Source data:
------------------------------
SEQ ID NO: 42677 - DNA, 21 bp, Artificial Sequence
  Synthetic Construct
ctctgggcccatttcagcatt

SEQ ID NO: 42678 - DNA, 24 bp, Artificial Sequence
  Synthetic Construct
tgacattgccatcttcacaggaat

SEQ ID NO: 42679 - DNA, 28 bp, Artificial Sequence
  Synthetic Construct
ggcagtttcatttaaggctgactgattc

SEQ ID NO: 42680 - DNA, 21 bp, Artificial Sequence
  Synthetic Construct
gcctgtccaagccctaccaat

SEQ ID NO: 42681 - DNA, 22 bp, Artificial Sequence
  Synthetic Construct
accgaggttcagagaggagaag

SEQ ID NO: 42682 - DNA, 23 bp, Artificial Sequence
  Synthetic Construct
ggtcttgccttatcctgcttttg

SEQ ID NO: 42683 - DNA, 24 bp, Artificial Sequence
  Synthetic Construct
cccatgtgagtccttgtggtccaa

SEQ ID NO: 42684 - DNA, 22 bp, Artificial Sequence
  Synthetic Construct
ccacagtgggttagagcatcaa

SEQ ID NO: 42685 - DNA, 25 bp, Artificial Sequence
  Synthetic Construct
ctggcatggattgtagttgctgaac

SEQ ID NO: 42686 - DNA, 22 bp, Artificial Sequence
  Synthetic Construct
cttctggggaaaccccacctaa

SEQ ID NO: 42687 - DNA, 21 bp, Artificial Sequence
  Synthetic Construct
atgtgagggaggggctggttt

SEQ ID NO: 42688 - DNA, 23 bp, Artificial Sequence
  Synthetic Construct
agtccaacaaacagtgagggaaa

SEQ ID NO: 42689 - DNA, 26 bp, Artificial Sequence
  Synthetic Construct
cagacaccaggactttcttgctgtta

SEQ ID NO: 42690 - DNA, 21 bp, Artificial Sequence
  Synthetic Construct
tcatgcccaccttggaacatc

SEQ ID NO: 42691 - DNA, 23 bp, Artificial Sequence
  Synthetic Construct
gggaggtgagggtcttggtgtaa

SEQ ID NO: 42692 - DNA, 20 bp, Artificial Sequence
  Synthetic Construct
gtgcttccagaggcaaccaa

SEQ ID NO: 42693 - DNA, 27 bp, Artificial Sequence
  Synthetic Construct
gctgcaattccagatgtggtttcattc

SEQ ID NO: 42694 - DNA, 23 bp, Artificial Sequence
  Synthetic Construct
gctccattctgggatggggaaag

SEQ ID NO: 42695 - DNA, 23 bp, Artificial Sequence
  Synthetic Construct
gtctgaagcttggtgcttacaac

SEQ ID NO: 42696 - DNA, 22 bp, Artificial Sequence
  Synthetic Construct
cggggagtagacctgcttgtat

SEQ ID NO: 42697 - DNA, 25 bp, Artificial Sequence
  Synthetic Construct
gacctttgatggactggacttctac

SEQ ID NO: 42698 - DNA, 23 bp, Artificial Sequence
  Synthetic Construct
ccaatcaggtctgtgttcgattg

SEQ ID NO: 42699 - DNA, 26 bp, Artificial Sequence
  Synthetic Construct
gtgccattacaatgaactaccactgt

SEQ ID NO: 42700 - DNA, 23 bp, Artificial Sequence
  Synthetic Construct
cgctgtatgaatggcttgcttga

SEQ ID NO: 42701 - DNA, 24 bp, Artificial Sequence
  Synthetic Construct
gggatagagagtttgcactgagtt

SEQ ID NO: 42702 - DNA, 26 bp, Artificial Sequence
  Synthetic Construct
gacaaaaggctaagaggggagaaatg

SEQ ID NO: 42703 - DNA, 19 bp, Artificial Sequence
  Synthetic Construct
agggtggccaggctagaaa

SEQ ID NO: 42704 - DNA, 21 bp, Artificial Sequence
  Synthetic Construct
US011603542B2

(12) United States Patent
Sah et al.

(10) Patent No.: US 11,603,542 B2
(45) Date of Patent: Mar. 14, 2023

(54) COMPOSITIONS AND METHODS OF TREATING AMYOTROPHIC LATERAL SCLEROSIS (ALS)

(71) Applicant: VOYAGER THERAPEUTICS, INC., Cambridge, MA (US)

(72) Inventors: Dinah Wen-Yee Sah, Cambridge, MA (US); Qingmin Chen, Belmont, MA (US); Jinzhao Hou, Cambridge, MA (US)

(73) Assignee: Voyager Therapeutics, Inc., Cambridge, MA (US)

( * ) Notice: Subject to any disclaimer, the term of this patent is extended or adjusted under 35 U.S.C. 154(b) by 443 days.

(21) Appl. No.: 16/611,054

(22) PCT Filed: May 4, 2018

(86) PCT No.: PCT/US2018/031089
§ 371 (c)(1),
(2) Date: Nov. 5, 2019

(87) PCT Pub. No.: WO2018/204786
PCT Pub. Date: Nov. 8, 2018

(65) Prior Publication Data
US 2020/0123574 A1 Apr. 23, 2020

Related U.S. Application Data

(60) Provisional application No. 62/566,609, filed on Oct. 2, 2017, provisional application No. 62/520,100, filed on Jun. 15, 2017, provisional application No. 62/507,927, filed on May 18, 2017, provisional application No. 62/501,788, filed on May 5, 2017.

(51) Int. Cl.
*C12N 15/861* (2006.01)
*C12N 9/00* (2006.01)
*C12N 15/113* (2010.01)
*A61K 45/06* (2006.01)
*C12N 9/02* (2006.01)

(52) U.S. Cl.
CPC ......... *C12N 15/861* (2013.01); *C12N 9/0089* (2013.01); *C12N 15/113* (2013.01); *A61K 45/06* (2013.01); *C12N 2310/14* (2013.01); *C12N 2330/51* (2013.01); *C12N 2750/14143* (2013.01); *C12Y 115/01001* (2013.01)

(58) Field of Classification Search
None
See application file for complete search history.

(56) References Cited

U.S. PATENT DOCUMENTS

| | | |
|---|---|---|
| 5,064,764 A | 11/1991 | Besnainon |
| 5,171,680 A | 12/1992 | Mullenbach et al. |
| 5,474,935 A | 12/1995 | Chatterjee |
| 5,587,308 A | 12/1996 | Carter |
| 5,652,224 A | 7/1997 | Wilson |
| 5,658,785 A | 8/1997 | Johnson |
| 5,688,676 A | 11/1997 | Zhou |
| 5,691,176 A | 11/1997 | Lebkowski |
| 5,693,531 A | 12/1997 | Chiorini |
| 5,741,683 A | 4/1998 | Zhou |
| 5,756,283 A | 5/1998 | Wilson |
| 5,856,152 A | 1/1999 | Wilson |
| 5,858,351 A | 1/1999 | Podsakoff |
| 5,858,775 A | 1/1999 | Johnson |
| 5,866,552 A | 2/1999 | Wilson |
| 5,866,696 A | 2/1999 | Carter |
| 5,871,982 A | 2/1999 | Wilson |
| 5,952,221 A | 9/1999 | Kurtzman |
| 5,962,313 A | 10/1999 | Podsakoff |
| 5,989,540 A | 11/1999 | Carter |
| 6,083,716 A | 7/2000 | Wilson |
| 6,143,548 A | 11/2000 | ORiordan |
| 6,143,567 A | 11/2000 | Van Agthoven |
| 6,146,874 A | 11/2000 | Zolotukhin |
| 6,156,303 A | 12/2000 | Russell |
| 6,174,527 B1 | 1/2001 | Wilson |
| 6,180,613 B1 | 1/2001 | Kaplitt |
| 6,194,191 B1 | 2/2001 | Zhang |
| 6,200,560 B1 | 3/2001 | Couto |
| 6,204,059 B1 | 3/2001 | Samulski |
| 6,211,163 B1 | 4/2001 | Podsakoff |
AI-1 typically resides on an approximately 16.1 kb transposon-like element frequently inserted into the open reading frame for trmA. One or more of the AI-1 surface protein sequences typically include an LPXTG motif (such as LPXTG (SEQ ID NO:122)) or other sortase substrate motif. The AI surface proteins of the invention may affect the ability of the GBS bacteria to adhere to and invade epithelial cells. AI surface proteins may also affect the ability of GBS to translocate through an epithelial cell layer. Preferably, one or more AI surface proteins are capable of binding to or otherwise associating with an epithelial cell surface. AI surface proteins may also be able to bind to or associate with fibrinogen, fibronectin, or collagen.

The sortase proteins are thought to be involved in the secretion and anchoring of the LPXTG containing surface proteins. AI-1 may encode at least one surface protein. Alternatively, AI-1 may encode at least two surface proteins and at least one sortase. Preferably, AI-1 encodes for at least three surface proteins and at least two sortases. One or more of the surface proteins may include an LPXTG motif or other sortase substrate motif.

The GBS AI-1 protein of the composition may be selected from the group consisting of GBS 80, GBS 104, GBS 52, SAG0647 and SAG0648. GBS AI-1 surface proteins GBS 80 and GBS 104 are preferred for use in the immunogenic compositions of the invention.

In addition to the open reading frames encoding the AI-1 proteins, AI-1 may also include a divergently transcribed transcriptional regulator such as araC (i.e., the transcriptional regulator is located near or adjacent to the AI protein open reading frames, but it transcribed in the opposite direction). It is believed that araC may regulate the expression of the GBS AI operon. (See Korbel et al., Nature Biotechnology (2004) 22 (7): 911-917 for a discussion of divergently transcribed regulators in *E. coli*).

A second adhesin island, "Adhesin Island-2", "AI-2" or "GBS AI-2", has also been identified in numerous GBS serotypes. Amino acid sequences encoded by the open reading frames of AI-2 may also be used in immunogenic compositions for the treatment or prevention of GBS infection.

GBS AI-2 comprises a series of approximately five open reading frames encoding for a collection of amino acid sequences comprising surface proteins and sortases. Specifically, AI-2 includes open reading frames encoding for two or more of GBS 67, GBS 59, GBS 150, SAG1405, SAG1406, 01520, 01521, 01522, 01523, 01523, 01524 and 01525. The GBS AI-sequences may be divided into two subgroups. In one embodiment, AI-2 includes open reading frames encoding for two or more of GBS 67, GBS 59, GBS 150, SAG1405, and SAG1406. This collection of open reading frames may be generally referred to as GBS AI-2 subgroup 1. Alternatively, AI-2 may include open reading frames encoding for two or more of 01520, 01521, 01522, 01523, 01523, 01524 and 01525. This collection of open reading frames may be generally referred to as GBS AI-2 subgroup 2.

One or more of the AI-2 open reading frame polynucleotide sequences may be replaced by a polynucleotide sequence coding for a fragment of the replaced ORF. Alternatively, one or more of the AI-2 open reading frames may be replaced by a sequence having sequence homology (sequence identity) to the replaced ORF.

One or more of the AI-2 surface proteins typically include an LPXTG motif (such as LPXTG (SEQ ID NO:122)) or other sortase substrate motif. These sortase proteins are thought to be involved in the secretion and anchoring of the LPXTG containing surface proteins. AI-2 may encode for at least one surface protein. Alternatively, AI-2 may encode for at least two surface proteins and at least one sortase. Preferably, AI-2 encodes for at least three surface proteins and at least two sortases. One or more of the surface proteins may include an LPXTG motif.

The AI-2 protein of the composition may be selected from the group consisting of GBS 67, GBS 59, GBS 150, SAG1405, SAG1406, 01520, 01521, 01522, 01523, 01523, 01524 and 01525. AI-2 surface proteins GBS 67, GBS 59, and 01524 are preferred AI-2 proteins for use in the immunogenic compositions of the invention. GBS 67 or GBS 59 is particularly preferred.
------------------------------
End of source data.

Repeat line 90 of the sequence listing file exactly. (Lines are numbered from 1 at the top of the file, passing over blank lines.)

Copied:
(71) Applicant: VOYAGER THERAPEUTICS, INC., Cambridge, MA (US)